This athlete and activist runs to make the world a better place
Fernanda Maciel lives quietly, far from cities, in Anserall, a village of 40 in the Spanish Pyrenees. There, she rises at dawn, bends her head and prays, folds through a yoga sequence, “at least one Sun Salutation per day,” drinks a mug of American coffee, laces her shoes, and runs. On trails winding through an accordion of peaks where thoughts come as clear as the morning skies, Fernanda logs 35 hours per week. The woman who grew up in Brazil and whose life motto is “Move positive” wisps through the high country like an ibex. Evenings find our hero researching communities in need that she can help through her personal charity, White Flow.
If you pay attention to ultrarunners, you know Fernanda is one of the world’s best. It was Fernanda who was the first woman to run the iconic Camino de Santiago de Compostela (the Way of Saint James), 535 miles in ten days across France and Spain. Between 2009 and 2015, she won four The North Face ultra trail races in France, Italy, Japan, and Brazil, among other competitions. In 2016, she set the women’s Fastest Known Time running and giant-stepping her way up 22,841-foot Aconcagua. And in 2017, she did the same on 19,341-foot Kilimanjaro. But that’s just the stuff of résumés and results sheets. You don’t know Fernanda Maciel from that. Fernanda is a warrior.
To understand, you must take a leap back in time to the summer of 1991. Fernanda is ten years old, an exceptionally gifted gymnast on the verge of world-class competition. But her father falls ill, and his care, coupled with a “political-economic crisis,” leaves the family struggling financially. “I don’t feel we were in poverty, but for sure we had to sell everything we had,” Fernanda will say later. She quits gymnastics but continues her schooling. And because she hates the bus, she runs—barefoot—to and from her studies. Later she runs races for prize money to help support her family.
Yet Fernanda sidesteps the tragedy that could have consumed her. “Fernanda,” her grandfather says, “you are a warrior but you need to fight more.” And so she takes up fighting—Brazilian jiu-jitsu—and remembers her grandpa's advice as she runs to the waterfalls above the city slums. Brazil swelters, but “the water of the waterfall is cold,” she says. “And my dad taught me that cold water cleans the soul.” More prize money from running helps pay her way through environmental law school. She dreams of protecting Brazil’s thrumming and threatened rainforests. To reach her goals, Fernanda transforms herself into a warrior.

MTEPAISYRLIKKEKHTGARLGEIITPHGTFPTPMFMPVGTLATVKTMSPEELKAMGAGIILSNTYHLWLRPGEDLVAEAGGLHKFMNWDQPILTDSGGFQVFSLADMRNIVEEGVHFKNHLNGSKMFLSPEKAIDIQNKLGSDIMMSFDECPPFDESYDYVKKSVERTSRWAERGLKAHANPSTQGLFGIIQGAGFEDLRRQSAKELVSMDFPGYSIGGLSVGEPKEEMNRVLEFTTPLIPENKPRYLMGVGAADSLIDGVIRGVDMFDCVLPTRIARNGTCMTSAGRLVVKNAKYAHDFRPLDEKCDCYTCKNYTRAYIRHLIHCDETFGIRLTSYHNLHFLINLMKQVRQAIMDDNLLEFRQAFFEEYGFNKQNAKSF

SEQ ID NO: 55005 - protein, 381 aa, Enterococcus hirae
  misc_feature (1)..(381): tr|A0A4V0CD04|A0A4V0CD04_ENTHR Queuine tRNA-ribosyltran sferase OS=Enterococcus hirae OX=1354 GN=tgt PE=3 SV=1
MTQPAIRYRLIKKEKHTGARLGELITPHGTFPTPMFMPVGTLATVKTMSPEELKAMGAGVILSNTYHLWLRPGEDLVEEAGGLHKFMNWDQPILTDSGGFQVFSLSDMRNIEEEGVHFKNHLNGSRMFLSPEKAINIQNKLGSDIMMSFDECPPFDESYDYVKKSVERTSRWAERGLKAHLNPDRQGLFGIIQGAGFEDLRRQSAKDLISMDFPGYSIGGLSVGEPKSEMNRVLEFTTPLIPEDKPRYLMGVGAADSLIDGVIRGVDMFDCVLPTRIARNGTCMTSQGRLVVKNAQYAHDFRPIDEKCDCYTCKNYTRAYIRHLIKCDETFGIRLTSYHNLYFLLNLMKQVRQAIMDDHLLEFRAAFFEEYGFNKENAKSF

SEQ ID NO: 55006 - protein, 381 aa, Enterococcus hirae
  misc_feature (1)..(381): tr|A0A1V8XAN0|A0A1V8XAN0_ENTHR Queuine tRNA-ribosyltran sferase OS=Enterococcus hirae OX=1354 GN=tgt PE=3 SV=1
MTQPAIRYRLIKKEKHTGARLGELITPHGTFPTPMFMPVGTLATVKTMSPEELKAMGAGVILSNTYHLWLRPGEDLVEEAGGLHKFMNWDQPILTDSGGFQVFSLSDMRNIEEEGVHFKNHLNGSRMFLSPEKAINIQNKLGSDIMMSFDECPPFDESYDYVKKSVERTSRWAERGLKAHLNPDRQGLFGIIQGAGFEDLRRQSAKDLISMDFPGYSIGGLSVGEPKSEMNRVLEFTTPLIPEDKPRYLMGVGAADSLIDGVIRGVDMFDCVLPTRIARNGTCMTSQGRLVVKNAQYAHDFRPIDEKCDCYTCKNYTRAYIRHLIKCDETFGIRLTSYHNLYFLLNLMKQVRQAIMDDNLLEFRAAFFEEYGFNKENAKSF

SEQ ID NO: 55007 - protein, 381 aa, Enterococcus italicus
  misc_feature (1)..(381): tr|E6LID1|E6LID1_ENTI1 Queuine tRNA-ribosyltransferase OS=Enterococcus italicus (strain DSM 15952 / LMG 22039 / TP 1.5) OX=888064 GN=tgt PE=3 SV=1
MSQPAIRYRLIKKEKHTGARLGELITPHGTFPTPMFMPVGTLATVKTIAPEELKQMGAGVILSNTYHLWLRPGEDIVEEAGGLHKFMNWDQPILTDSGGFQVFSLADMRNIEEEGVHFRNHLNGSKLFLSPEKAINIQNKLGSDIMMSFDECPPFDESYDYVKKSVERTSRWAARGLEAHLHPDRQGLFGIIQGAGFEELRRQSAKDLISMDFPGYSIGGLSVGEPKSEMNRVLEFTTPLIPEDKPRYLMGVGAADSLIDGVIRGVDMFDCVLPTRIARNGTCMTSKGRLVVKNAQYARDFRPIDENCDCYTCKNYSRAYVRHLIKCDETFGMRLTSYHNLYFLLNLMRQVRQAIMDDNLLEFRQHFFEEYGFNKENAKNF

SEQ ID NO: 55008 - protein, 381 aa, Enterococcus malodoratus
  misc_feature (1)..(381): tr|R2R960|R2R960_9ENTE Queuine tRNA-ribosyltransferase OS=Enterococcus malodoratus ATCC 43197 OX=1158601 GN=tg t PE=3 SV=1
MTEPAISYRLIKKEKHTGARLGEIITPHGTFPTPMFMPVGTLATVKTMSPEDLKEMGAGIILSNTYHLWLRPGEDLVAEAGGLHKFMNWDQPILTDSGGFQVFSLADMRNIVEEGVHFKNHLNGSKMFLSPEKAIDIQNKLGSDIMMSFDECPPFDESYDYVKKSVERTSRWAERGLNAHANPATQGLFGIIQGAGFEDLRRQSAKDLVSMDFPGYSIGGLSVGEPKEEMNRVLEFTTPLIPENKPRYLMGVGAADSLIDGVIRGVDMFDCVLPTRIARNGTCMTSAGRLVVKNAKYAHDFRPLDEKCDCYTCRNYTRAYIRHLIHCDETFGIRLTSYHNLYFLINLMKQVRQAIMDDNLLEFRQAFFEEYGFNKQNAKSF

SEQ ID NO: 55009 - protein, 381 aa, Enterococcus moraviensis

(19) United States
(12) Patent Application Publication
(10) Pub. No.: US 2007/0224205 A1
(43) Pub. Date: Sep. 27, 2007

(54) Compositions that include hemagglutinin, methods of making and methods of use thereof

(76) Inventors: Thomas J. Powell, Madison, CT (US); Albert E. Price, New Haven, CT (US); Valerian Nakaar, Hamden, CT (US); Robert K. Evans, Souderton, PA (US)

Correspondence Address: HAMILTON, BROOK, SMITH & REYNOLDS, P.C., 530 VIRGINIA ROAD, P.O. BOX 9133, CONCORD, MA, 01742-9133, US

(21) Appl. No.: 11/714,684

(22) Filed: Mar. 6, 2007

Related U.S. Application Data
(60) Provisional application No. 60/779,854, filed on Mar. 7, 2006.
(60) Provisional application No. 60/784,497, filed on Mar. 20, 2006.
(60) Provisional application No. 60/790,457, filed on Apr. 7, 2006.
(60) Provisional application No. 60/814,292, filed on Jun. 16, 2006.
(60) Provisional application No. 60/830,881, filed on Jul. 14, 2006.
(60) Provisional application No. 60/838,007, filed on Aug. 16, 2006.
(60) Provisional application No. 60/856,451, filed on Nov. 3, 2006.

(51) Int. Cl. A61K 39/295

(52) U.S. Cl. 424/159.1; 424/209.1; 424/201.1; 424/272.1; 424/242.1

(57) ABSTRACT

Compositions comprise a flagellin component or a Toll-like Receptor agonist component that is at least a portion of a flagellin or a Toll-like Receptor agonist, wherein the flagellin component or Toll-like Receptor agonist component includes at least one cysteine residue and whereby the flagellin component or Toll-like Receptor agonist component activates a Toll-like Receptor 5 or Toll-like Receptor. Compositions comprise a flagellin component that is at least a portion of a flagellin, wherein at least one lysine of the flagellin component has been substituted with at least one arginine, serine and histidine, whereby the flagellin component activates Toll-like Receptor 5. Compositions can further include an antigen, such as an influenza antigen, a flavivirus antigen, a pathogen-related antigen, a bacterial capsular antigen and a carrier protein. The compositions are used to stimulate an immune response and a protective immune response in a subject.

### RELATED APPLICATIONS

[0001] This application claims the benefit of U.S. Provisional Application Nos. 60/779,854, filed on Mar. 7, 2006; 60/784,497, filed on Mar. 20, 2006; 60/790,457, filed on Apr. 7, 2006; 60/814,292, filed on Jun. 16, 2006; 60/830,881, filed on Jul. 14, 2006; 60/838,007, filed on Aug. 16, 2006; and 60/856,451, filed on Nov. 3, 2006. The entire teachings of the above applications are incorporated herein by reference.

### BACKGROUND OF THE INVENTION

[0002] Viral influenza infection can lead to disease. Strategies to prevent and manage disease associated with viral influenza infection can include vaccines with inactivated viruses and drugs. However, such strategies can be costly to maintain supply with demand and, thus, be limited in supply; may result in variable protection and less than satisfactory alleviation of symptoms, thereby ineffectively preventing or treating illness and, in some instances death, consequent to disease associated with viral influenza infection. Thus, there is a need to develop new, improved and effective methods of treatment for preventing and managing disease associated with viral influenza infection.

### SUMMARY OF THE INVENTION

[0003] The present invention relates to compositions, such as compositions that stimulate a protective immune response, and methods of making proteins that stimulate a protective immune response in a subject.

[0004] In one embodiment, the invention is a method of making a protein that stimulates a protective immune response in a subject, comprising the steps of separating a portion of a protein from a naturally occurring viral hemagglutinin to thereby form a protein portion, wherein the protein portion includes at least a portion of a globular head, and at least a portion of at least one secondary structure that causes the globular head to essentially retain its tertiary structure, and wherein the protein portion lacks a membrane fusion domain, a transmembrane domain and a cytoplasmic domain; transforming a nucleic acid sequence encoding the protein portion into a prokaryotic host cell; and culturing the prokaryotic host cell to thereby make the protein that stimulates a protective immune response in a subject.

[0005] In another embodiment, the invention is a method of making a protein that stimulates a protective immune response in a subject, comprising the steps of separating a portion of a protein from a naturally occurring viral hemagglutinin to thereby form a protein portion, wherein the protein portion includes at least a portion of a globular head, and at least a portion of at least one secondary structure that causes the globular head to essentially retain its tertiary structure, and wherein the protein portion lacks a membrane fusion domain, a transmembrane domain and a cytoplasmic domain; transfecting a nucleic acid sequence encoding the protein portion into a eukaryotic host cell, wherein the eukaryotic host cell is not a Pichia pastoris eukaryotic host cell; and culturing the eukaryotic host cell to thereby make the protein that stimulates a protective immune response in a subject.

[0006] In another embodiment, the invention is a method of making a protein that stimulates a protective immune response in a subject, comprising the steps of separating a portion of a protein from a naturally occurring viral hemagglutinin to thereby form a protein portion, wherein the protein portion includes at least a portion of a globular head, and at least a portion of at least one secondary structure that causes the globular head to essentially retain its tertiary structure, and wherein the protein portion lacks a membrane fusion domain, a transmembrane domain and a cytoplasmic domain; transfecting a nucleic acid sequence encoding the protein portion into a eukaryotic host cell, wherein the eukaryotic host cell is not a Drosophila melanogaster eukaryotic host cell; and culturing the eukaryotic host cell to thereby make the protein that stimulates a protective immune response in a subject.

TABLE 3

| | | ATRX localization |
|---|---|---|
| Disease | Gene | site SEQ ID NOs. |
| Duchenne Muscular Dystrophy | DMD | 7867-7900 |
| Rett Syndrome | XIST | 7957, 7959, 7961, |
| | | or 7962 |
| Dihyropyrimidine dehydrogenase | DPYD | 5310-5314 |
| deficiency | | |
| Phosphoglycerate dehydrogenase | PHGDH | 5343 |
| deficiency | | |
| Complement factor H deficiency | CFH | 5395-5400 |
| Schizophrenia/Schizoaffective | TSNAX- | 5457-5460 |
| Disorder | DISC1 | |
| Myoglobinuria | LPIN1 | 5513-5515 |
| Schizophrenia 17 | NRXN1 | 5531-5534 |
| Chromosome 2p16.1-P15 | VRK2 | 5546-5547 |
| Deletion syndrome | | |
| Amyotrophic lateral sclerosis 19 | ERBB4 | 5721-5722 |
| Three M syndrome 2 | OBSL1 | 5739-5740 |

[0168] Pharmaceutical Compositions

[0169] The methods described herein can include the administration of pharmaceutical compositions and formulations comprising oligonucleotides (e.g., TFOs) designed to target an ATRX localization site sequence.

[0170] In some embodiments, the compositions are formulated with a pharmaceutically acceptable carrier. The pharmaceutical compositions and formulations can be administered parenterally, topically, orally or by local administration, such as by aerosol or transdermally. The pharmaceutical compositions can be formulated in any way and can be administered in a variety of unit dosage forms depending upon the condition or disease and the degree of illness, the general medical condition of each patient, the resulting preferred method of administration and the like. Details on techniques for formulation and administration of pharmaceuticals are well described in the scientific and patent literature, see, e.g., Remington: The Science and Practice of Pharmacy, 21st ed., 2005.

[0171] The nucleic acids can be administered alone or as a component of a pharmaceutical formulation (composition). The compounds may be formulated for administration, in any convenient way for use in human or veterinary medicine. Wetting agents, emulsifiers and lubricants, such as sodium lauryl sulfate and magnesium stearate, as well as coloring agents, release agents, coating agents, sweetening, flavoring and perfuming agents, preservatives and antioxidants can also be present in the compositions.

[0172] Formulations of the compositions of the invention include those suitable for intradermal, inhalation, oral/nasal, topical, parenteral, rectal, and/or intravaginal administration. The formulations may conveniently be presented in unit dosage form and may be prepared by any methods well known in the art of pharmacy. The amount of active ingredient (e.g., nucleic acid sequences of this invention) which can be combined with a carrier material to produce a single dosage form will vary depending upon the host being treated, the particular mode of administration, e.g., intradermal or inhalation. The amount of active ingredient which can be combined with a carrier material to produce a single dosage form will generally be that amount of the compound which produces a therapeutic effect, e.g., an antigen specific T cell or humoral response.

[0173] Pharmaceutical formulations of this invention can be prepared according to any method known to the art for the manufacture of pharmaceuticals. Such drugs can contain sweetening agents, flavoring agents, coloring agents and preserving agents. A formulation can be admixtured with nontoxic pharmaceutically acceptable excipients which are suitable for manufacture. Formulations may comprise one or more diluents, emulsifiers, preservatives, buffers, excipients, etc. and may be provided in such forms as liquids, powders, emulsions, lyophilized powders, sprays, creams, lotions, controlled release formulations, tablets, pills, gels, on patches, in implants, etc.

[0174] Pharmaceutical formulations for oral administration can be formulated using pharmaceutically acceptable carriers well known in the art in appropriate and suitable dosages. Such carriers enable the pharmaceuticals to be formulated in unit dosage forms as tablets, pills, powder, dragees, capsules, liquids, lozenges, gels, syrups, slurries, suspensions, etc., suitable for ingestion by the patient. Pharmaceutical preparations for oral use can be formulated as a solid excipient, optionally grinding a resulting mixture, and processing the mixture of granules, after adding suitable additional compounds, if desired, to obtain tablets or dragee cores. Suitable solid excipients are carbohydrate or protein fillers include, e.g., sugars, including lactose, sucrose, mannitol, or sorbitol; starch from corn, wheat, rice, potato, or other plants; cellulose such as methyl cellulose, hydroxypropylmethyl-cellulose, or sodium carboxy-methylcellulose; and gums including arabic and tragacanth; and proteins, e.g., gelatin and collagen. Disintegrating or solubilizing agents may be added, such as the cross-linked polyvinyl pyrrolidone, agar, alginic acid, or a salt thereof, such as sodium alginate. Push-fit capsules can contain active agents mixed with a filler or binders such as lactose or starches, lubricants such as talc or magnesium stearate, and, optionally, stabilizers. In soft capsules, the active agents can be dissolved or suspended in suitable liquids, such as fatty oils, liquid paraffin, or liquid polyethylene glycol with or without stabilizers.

Only a warrior would even contemplate running up Aconcagua. “It was my dream to run up and down the highest mountain in the Americas,” she says. But she admits that part of her thought it impossible. It was close to impossible, according to Christopher McDougall, author of the New York Times bestseller Born to Run. “Aconcagua is formidable,” he says. “The winds are ferocious. Before Fernanda did it, five men in history had gone up and down in 24 hours.”
On her first attempt, in 2015, poor weather turned her back. In 2016, during her second, she faced bad weather, including rock slides and avalanches, and altitude sickness. When her sponsors, friends, and family said, “Fernanda, stop trying,” she respectfully ignored them. On her third attempt, wanting to fully acclimate, she ran to 20,000 feet and back to basecamp, where she slept alone in a little half-dome tent. “She looks around and says, ‘This is where I ought to be,’” says McDougall. “'This is what I ought to be doing.’” The following day, she ran back down to basecamp and, starting from the base of the peak and evading multiple landslides along the way, finally notched her record-setting time.
She demonstrates the same kind of grit in running White Flow, her charity, through which she connects her social media followers with various causes, advising them on how to make a positive impact. It’s not a registered nonprofit, nor does she make any money from it, but it’s what Fernanda does. So far she has raised money for pediatric cancer patients in France and Spain, for orphans in the Kilimanjaro region, and for impoverished children in both Nepal and Brazil. “I can’t gush enough about Fernanda,” says her fellow The North Face athlete Rory Bosio. “She has the most positive perspective and attitude of anyone I know. She approaches everything from life to running to work to friendships with a joyful, spirited energy. She never complains, never has a negative attitude, and she’s tough as nails.”
At her home in the Pyrenees, Fernanda pads barefoot around in the woods of Anserall, praying, meditating, and training. She visits friends and recharges for her next race or White Flow project. And just as she always has since she was a little girl in Brazil, she continues to heed her grandfather’s advice, running, fighting, and crusading for all the right reasons.
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